Real-world Tip — Correct Wiring for Lighting Control
By Dustin Anderson
This photo is a real-world example of incorrect low-voltage wiring for lighting control. The yellow 0-10V control wires are routed from the light switch through the conduit and then routed outside the junction box to splice the cables. This is a National Electrical Code (NEC) violation.
According to the NEC, there are two acceptable methods for a correct installation.
First Method: The control cabling can be routed inside the conduit with the 120V conductors. Once the cable reaches the junction box, the cabling is allowed to be spliced inside the box—as long as there is a barrier in place. From there, the cables may then be routed to the light fixtures.
Second Method: The control conductors can be routed from the light switch on the outside of the conduit up to the light fixtures. Note that the control cables must be strapped to the conduit through which the 120V conductors are routed.
Either method is acceptable, however, National Electrical Code does not allow for the two methods to be mixed, as shown above.
To correct this particular violation, the low voltage wiring should be routed outside the conduit, down inside the wall to the switch box with a bushing for entry and then connected to the light switch.
For additional reading, refer to NEC Sections 300.11B, 725.136(B), and 725.136(D)b for further information.
Dustin Anderson, PE, is a Sr. Vice President at HP Engineering, Inc. in Oklahoma City. In addition to leading the OKC office operations, his design focus is Electrical Engineering.
Article: With energy Conservation in mind…
By Bill Hodge
The building envelope has the largest impact on energy use—more impact than HVAC efficiency, more than site orientation, and even more than the building’s geometry. Here, I’ll focus on the windows, walls, and roof.
ASHRAE 90.1 is the most widely used design resource for architects who want to comply with the Energy Codes in your respective regions. The 90.1 manual is exhaustive, but once you get a feel for it how it works, it becomes pretty straightforward.
I highly recommend you use ComCheck, a web-based program with extensive information on local and state building energy codes. ComCheck is a free program (yes, absolutely free) that allows you to vary the building envelope components to compare your proposed building envelope against the code reference you choose. Find ComCheck at https://energycode.pnl.gov/COMcheckWeb/index.html.
As an example, you may choose to compare your building against the 2007 version of 90.1, or the 2009 version, or the 2013 version, or the latest 2016 version. You may also choose different versions of the International Energy Conservation Code (IECC.) ComCheck even has some other state codes such as Florida, Oregon, Vermont, etc. An appealing feature of this program is the instant feedback you get as you input your building envelope components.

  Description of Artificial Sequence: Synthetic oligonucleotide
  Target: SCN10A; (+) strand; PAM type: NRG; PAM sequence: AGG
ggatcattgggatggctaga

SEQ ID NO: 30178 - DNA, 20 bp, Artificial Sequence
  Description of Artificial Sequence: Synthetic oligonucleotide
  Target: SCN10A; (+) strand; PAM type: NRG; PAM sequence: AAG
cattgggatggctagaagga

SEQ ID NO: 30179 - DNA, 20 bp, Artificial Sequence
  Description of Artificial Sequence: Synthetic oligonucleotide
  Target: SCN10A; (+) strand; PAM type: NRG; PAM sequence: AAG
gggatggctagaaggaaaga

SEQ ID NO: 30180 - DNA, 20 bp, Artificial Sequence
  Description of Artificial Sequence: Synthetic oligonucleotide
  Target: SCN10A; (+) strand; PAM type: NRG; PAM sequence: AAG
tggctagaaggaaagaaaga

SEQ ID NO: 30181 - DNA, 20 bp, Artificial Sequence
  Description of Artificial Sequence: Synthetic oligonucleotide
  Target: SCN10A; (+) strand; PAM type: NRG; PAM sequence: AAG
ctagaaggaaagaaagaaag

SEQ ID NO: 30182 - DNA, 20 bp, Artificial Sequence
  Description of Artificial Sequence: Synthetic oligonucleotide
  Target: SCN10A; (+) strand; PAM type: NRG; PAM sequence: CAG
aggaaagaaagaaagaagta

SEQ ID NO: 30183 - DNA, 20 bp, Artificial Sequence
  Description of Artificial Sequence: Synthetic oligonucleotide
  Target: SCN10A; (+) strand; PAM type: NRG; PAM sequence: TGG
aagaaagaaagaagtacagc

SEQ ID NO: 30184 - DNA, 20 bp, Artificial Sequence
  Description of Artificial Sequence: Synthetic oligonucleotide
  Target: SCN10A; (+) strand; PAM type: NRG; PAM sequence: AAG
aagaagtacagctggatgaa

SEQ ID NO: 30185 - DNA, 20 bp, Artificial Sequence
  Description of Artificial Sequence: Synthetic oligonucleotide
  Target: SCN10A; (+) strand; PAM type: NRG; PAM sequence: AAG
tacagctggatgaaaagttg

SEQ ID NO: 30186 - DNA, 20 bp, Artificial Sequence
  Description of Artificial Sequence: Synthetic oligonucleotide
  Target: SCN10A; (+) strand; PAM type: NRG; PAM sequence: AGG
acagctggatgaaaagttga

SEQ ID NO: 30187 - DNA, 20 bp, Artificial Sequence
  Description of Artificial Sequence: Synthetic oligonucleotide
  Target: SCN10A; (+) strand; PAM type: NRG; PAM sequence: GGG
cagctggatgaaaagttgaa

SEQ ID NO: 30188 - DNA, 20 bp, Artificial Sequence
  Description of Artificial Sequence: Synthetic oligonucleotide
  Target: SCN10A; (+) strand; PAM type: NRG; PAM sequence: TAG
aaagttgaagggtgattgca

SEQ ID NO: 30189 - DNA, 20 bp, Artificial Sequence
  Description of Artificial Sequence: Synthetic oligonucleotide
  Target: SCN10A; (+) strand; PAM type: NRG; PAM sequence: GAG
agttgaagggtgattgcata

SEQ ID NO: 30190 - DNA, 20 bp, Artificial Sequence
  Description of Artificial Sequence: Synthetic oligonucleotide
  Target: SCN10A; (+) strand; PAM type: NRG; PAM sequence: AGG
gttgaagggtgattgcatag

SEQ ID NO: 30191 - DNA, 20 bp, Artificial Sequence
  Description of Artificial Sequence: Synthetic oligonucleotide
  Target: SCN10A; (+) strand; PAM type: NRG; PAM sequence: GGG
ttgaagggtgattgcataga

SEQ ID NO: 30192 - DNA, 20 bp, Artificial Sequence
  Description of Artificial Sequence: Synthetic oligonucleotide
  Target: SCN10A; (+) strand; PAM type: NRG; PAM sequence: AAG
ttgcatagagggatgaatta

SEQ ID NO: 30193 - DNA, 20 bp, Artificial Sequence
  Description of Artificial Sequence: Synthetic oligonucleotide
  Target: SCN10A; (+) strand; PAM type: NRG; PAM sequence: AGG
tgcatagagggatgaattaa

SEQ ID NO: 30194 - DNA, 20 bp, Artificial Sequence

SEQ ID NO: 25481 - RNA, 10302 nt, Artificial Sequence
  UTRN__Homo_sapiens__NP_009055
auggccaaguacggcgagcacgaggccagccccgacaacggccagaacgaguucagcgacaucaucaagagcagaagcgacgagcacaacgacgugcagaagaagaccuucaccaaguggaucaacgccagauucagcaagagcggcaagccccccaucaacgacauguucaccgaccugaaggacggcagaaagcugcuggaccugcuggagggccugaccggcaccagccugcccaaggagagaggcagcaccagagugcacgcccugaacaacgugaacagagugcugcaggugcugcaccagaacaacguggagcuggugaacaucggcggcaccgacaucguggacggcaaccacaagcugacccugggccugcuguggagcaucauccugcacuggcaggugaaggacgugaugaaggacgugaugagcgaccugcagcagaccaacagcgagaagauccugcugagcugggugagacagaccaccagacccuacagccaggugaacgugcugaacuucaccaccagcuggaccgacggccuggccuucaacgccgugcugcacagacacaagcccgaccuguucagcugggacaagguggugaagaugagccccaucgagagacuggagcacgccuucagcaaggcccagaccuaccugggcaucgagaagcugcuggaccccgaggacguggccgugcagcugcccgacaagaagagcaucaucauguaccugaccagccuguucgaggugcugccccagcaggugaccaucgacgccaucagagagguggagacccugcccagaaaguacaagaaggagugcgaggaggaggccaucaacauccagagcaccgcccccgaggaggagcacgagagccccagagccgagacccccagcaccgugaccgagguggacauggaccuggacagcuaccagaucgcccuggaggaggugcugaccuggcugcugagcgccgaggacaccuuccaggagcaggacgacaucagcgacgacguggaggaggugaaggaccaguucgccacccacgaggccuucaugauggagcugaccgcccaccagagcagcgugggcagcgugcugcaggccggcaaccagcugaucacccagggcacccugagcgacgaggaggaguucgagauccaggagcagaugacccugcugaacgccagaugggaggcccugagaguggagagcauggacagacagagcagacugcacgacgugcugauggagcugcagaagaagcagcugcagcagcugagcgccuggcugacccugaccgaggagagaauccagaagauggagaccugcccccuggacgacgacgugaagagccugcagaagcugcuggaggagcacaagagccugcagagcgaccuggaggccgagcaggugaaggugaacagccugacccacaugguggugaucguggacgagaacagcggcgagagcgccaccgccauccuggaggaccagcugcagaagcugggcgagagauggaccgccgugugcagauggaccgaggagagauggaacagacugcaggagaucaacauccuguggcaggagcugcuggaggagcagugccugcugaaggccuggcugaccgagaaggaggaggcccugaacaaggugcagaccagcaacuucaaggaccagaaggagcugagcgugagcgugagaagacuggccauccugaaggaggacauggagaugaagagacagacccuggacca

Once you’ve entered which code you want to compare your building against, start modeling your building using the Envelope tab, then add walls, roofs, windows, doors, etc. No need to worry about the other tabs, such as Interior Lighting, Exterior Lighting, and Mechanical requirements, because your favorite MEPF consultant (for example, HP Engineering) will complete those sections for you when you send your file. As you add walls, doors, windows, and roofing, you’ll get feedback on how you’re doing against the code you’ve chosen; it will tell indicate not only if you “pass” or “fail” but also by what percentage you passed or failed.
The beauty is that you can mix and match the U-values of the different components to get an “overall” score for the building envelope. For example, you can use better roof insulation if you want to use a more economical glass. You can upgrade the wall insulation and use more cost-effective roof insulation. You can use premium glass windows in conjunction with basic doors. If at first you don’t succeed, keep playing with different wall insulation values, roof insulation, and window factors until you pass or exceed the code minimums for the overall building envelope. You could find that you can beef up the roof insulation or use wood stud walls so that you may not need continuous rigid insulation on the walls in addition to the typical wall cavity insulation. What?!? You’re welcome!
For more complicated buildings, where you want to trade off the HVAC efficiency or lighting for building envelope components, you’ll have to perform a full-blown computer energy simulation. (By the way, I can recommend a good engineering firm to do that for you.)
If you would like to schedule an AIA approved lunch-and-learn on how to use 90.1 properly, please contact me. HP Engineering has a presentation that is accredited for one Health, Safety and Welfare (HSW) credit. Or feel free to call your local HP Engineering office or the central office at 479-899-6370.